Questions tagged [meaning]

This tag is for questions related to definitions and nuances of meaning of a word or phrase.

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Please Explain "Twisted With" [closed]

I have come across a description of wires hanging from a gaping hole in a ceiling, and the wires are described as being "twisted with" cobwebs. What would be a proper synonym for something ...
Mduara's user avatar
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Dusty, dusty colors, dusty fur? [closed]

I need help with wrapping my mind around the meaning of dusty when used to describe colors. I already know there's a color named dusty rose, and I just encountered a mention of a kitten being white, &...
Mduara's user avatar
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3 answers
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What does "do windows" mean in this passage?

Yet, despite the rhetoric of “common humanity,” Auster already acknowledges sexual difference: “New York can be dangerous, so you must be careful. If you prefer, smile only at female strangers. (Men ...
Chelsea Qiu's user avatar
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I'm terrified of waking people up, would that be classified as phobia? [closed]

To begin with, I have a traumatic background, therefore I had a lot of bad people in my life. However, I live with just my aunt as well as myself, but she's a heavy sleeper and tends to sleep through ...
Zozo price's user avatar
0 votes
2 answers
55 views

The meaning of "get away with a light sentence" [closed]

I have a question with the meaning of "get away with a light sentence". Does "get away with a light sentence" mean that "the person escaped a light sentence" or mean that ...
Larry 's user avatar
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3 votes
2 answers
182 views

Is the usage of the verb "intimate" correct in the following passage?

I've looked up the meanings of the verb intimate on a few dictionaries, but none of the meanings of the verb intimate were adequate to the passage from The Shards by Bret Easton Ellis: Debbie took ...
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What's the definition of direct object and transitive verb? [migrated]

The definition of a direct object is being a recipient of a transitive verb, and the definition of a transitive verb is: characterized by having it containing a direct object. Can someone define the ...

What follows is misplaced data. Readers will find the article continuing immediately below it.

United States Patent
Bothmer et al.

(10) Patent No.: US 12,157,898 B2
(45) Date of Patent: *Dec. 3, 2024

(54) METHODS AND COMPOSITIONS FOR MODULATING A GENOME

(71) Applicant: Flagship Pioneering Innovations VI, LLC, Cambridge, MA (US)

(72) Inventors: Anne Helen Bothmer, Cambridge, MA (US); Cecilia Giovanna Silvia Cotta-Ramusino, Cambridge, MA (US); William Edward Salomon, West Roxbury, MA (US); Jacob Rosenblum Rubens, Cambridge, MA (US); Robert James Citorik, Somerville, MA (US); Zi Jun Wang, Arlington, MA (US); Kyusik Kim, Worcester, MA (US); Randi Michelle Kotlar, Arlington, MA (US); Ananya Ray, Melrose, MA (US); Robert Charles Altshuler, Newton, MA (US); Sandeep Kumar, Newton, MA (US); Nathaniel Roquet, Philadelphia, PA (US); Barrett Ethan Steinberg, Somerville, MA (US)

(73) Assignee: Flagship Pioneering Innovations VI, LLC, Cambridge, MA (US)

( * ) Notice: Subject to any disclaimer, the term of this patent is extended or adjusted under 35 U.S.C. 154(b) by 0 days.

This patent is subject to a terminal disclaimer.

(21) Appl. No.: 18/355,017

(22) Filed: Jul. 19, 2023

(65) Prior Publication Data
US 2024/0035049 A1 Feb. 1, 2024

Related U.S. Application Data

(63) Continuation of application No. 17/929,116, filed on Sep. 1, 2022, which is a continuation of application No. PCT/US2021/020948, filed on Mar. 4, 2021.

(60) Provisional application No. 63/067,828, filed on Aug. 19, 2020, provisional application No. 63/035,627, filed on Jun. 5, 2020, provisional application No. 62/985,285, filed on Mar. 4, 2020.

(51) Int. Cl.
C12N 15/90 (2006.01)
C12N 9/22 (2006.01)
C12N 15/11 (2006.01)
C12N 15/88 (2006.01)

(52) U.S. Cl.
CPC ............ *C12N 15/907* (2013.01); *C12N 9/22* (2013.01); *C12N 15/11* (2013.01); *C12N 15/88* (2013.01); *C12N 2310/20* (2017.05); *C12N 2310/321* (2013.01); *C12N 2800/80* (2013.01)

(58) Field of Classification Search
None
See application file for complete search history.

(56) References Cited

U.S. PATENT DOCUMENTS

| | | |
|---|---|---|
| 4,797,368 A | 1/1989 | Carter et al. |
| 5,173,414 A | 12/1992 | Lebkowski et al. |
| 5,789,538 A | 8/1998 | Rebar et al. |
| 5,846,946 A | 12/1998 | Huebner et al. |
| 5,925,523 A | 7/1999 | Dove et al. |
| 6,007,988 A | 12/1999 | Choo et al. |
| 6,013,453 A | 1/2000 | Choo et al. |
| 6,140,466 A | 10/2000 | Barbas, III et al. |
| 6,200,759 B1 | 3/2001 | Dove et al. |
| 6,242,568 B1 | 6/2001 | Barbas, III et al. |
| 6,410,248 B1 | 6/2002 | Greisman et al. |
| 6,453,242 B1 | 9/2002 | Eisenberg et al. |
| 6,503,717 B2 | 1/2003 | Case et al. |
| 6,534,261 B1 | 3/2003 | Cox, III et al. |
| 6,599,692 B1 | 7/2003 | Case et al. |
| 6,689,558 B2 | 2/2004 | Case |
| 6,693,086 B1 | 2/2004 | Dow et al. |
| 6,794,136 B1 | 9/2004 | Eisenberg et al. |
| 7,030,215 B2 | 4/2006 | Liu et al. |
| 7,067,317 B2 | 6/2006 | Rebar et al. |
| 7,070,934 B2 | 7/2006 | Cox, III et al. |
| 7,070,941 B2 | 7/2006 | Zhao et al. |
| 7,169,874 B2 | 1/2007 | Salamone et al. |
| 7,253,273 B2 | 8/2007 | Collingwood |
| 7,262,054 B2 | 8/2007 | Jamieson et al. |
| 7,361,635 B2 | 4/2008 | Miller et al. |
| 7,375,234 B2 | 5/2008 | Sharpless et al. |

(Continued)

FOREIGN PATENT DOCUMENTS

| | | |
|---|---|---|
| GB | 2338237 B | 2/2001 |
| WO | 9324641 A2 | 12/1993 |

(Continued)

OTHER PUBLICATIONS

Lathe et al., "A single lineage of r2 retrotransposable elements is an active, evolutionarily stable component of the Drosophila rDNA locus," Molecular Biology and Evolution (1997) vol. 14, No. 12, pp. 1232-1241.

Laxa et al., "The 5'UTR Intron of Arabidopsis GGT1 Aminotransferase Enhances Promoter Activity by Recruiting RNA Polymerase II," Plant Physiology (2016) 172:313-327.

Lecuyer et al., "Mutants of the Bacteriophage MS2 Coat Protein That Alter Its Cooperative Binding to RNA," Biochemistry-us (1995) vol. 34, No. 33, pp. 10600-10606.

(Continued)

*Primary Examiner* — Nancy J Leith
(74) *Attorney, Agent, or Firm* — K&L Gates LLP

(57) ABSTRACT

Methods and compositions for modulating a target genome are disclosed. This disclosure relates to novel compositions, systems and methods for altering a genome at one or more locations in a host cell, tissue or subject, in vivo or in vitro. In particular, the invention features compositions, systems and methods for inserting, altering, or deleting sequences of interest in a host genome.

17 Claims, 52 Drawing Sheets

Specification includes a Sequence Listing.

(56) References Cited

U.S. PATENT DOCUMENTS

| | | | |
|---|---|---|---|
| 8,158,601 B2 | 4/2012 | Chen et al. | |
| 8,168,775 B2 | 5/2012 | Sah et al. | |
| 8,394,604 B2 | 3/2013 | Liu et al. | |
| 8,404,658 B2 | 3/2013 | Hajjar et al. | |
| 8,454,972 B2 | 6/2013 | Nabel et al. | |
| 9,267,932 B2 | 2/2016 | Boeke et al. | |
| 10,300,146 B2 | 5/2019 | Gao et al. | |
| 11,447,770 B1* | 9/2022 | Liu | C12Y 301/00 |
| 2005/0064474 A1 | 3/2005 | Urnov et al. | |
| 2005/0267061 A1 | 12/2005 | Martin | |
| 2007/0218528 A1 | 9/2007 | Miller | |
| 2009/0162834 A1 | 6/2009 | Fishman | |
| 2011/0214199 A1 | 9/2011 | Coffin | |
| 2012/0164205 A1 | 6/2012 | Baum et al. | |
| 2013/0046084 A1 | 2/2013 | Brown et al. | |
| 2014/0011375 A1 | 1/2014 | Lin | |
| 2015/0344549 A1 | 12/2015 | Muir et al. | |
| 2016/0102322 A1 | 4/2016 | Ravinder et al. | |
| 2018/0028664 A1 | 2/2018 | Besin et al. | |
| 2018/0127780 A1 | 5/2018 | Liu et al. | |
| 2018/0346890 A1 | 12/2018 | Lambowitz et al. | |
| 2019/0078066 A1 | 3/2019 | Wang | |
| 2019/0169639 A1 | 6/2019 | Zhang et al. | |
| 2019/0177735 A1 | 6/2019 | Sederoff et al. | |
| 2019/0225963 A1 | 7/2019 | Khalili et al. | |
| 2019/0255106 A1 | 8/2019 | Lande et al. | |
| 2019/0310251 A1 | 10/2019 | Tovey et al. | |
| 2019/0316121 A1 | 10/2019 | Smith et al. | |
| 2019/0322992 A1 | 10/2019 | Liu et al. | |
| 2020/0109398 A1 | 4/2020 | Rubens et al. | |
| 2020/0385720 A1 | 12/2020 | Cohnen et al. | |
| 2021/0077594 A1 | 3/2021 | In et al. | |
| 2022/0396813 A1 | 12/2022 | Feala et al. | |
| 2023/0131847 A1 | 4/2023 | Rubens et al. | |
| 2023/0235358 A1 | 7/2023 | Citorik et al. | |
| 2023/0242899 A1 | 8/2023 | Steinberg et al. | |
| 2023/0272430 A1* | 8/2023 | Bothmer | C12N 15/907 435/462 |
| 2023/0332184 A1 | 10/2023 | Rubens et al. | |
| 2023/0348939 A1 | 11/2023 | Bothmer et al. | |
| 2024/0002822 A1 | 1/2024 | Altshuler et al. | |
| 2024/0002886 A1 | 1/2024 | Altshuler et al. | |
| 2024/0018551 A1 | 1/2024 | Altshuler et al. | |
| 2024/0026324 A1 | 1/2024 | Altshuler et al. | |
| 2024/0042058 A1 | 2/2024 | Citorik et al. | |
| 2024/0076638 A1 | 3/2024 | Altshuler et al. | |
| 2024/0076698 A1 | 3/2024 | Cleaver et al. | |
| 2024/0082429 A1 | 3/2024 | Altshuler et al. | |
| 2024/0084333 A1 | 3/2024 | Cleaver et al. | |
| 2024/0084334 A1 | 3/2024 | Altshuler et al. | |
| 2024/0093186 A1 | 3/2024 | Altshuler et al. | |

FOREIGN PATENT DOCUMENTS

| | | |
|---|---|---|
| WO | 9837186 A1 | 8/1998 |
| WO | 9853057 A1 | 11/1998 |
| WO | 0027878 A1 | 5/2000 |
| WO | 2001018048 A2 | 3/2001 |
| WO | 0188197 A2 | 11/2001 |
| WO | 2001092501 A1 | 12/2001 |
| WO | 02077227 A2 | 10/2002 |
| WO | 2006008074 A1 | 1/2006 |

sergbot's user avatar
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6 votes
1 answer
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Merriam-Webster definition of "Sheeps"

Sheep is a noun, and the plural of sheep is "sheep". However I recently came across the Merriam-Webster definition of SHEEPS which states it is "present tense third person singular of ...
Dragonel's user avatar
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Meaning of 'To Marx are due X and Y' [duplicate]

This question is about the emphasized sentence in the following paragraph from Proposed Roads to Freedom by Bertrand Russell: Socialism as a power in Europe may be said to begin with Marx. It is true ...
apadana's user avatar
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1 vote
3 answers
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Is it possible to say: "He swung at something complicated"?

In my language, this phrase will mean that some person is trying to do some difficult thing, which at this moment is either at the limit of his capabilities or even higher. So, is it possible to say ...
Владимир Говоров's user avatar
-1 votes
2 answers
56 views

What is the meaning of the phrase "leave everything be" [closed]

Does "leave everything be" mean leave things the same or leave everything as it is and don't interfere?
Dean Davidson's user avatar
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0 answers
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Does "hair curling at the edges" mean the hair has a mild curl pattern?

I might be bad at looking stuff up, and if that's the case I apologize, but I will say to my defense that I have checked for the term and asked AI about it. I'm sorry, I just really need to make sure ...
Mduara's user avatar
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4 votes
1 answer
185 views

Word request: Sensory words

I'm trying to gather a list of appropriate words that relate in analogous ways for 5 classical senses. Right now I think I've got: Eye/sight:ocular:optic:visual Ear/hearing:otic:aural:auditory Nose/...
Sirskip's user avatar
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1 answer
130 views

Do auxiliary verbs have a meaning / an intrinsic meaning?

Wikipedia (https://en.wikipedia.org/wiki/English_auxiliary_verbs): English auxiliary verbs are a small set of English verbs, which include the English modal auxiliary verbs and a few others. Although ...
R.J.'s user avatar
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1 vote
3 answers
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Meaning of "booked by this history" in Dickens' "A Tale of Two Cities"

The passenger booked by this history, was on the coach-step, getting in; the two other passengers were close behind him, and about to follow. The preceding passage is from Dickens' A Tale of Two ...
anjan 's user avatar
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3 answers
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Pull down to something

In a country song by Blake Shelton "Home sweet home", l came across this construction: Pull down to a cane bridge. I looked up most of the dictionaries, but none of them used the phrasal ...